Your hen-carriers need to be covered, well-ventilated boxes or pet crates. They should have enough space for the birds to turn around in (to prevent them from panicking at the confined space), while being dark enough to make their instincts kick in and help them snuggle down for the duration of the trip. On longer journeys, however, you will need to have enough light in the boxes to enable the hens to feed, and pet crates will make this easier.
You’ll need one box per chicken, generally, so make sure you have enough boxes for the big day. Hens with similar, placid temperaments can be transported in a single box. Each box or crate should be lined with straw to soak up the droppings, and the boxes should be stacked securely, not more than three boxes high.
It’s important that the birds don’t get too hot on the journey, so ventilation is an issue. If you only have two or three hens, they could travel on the back seat of a well-ventilated car, secured with quilts or blankets – or even seatbelts – to prevent the boxes from sliding around.
The journey itself should be taken using as many straight, non-bumpy roads as possible, combined with the need to make the trip as brief as you can. If your new home is a short stretch of motorway and a couple of A-roads away, that’s all very straightforward. Rural locations with lots of windy-road options will need more planning. If all the roads are B-roads with lots of bends, the quickest route is the best option.
In the two weeks before the move, make sure your hens’ diet is rich in all the required vitamins and minerals. Some owners recommend adding probiotics or extra vitamins to the feed, and this is something you should discuss with your vet.
For short journeys, you will not have to worry about chicken feed. On longer trips, though, food will need to be provided. Make sure you take a long break at least every three hours, to allow the confined birds to settle down and feed. If you are transporting the hens in crates, you can attach a water dispenser to the side.
A Portable Chicken Coop?
Old fashioned chicken coops can be tricky to transport, and many hen keepers prefer to erect a new run and chicken shed at their new property. This sometimes involves housing the birds in temporary accommodation while the new coop and run are being sorted out.
There are ways of avoiding the inconvenience, though. A portable coop and run can be packed away and then installed in the new garden in a few minutes, and they have the advantage of familiarity. Hens introduced into a coop that they already know inside out will reduce the stress of the move enormously.
Coops and runs such as the Eglu are ideal in this respect. Placing the coop in your new garden as soon as you arrive will enable the chickens to feel at home before you’ve even managed to open any of your removal boxes. Human will inevitably feel the stress of the moving-in process, but the hens don’t have to!
The process isn’t quite over when your hens are safely cooped up in the new garden. Stress can cause any underlying diseases to bloom, so you need to carry out daily health checks on your birds as the flock settles down in its new surroundings. This is yet another reason to consider a pack-and-go portable coop and run.
As with all pets, you as the owner have the main responsibility for making sure the animals are safe and happy. That means that before you go away overnight, whether it’s for work or on holiday, you will need to make sure you have a plan for the chickens, ensuring they will be alright while you’re not around.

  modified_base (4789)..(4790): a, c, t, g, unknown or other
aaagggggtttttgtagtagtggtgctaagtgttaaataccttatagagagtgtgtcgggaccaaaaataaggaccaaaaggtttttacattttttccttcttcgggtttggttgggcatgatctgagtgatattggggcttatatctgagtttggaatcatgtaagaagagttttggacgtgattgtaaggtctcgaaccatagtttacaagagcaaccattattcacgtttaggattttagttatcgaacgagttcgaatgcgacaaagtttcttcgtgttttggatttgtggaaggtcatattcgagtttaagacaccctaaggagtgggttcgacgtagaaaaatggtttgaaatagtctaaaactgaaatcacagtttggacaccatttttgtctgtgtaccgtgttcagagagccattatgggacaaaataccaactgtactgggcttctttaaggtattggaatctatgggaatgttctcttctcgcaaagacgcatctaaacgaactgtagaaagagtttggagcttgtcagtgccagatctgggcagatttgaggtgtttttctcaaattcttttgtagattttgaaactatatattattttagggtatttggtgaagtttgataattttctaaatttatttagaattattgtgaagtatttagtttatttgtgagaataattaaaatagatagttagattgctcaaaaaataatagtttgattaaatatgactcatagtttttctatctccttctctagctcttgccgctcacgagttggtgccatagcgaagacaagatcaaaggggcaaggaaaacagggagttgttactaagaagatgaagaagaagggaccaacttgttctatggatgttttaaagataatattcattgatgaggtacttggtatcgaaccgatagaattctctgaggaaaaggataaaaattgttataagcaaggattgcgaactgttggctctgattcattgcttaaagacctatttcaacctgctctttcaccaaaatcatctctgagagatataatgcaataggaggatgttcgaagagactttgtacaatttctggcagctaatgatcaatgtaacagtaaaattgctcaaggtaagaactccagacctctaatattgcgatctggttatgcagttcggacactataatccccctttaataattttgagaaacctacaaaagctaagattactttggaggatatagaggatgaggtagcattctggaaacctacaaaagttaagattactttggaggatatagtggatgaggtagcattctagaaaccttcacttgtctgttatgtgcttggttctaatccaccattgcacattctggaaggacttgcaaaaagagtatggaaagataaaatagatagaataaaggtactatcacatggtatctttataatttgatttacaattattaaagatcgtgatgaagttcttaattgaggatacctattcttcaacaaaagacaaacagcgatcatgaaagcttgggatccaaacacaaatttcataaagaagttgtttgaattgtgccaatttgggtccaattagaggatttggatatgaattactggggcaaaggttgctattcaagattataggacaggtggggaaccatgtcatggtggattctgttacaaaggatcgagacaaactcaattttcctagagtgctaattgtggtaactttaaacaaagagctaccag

Chickens are much more self-sufficient than some other popular pets; they don’t need human interaction every day, will sort out their own exercise, and will not overeat even if there is more food than needed available. That being said though, there are lots of things to think about before you leave them alone.
How long can I leave my chickens alone for?
This is not an easy question to answer, as it depends heavily on your chickens, where you live, and what your setup looks like. Even leaving your flock of chickens for a day requires some preparation.
Hens need constant access to food and water, and enough space to move around on. This is relatively easy to organise if you’re going away for 2-3 days. The more important, and probably the trickier, thing to ensure is that the chickens are safe from predators when you are not there to keep an eye on them. Letting your chickens free range without any supervision is very risky, so you will need to have a safe enclosure that is big enough for your chickens to move around on.
An Eglu Cube connected to a Walk in run is a perfect setup for all chicken keeping situations, but maybe particularly when you’re not able to keep a constant eye on your hens. The Walk in run can be extended to suit the number of chickens you have, and you can be sure that they won’t have to fend off any foxes or wild birds.
If you are confident your enclosure is safe and spacious enough, and that there is no risk that the chickens will run out of food and water, most flocks will be alright by themselves for a weekend.
Should I get a chicken sitter?
If you’re going away for anything longer than three days, you will need to organise for someone to help you come and check on and take care of your chickens on a daily basis. Even if you’re just gone for one night, we would recommend asking a friendly neighbour to poke their head over the fence to make sure the hens are well.
Accidents happen: one of your chickens could have had a fall and seems to be in pain, or a water container may have fallen over. Your friend or neighbour will then hopefully be able to refill the water or give you a call to let you know what has happened.
You might be surprised at how many of your friends and family will be happy to go and check on your chickens once a day if they get to keep the delicious fresh eggs. If you have an automatic door that lets your chickens out in the morning and shuts behind them at night, your helpers can decide for themselves at what time of the day they would like to go.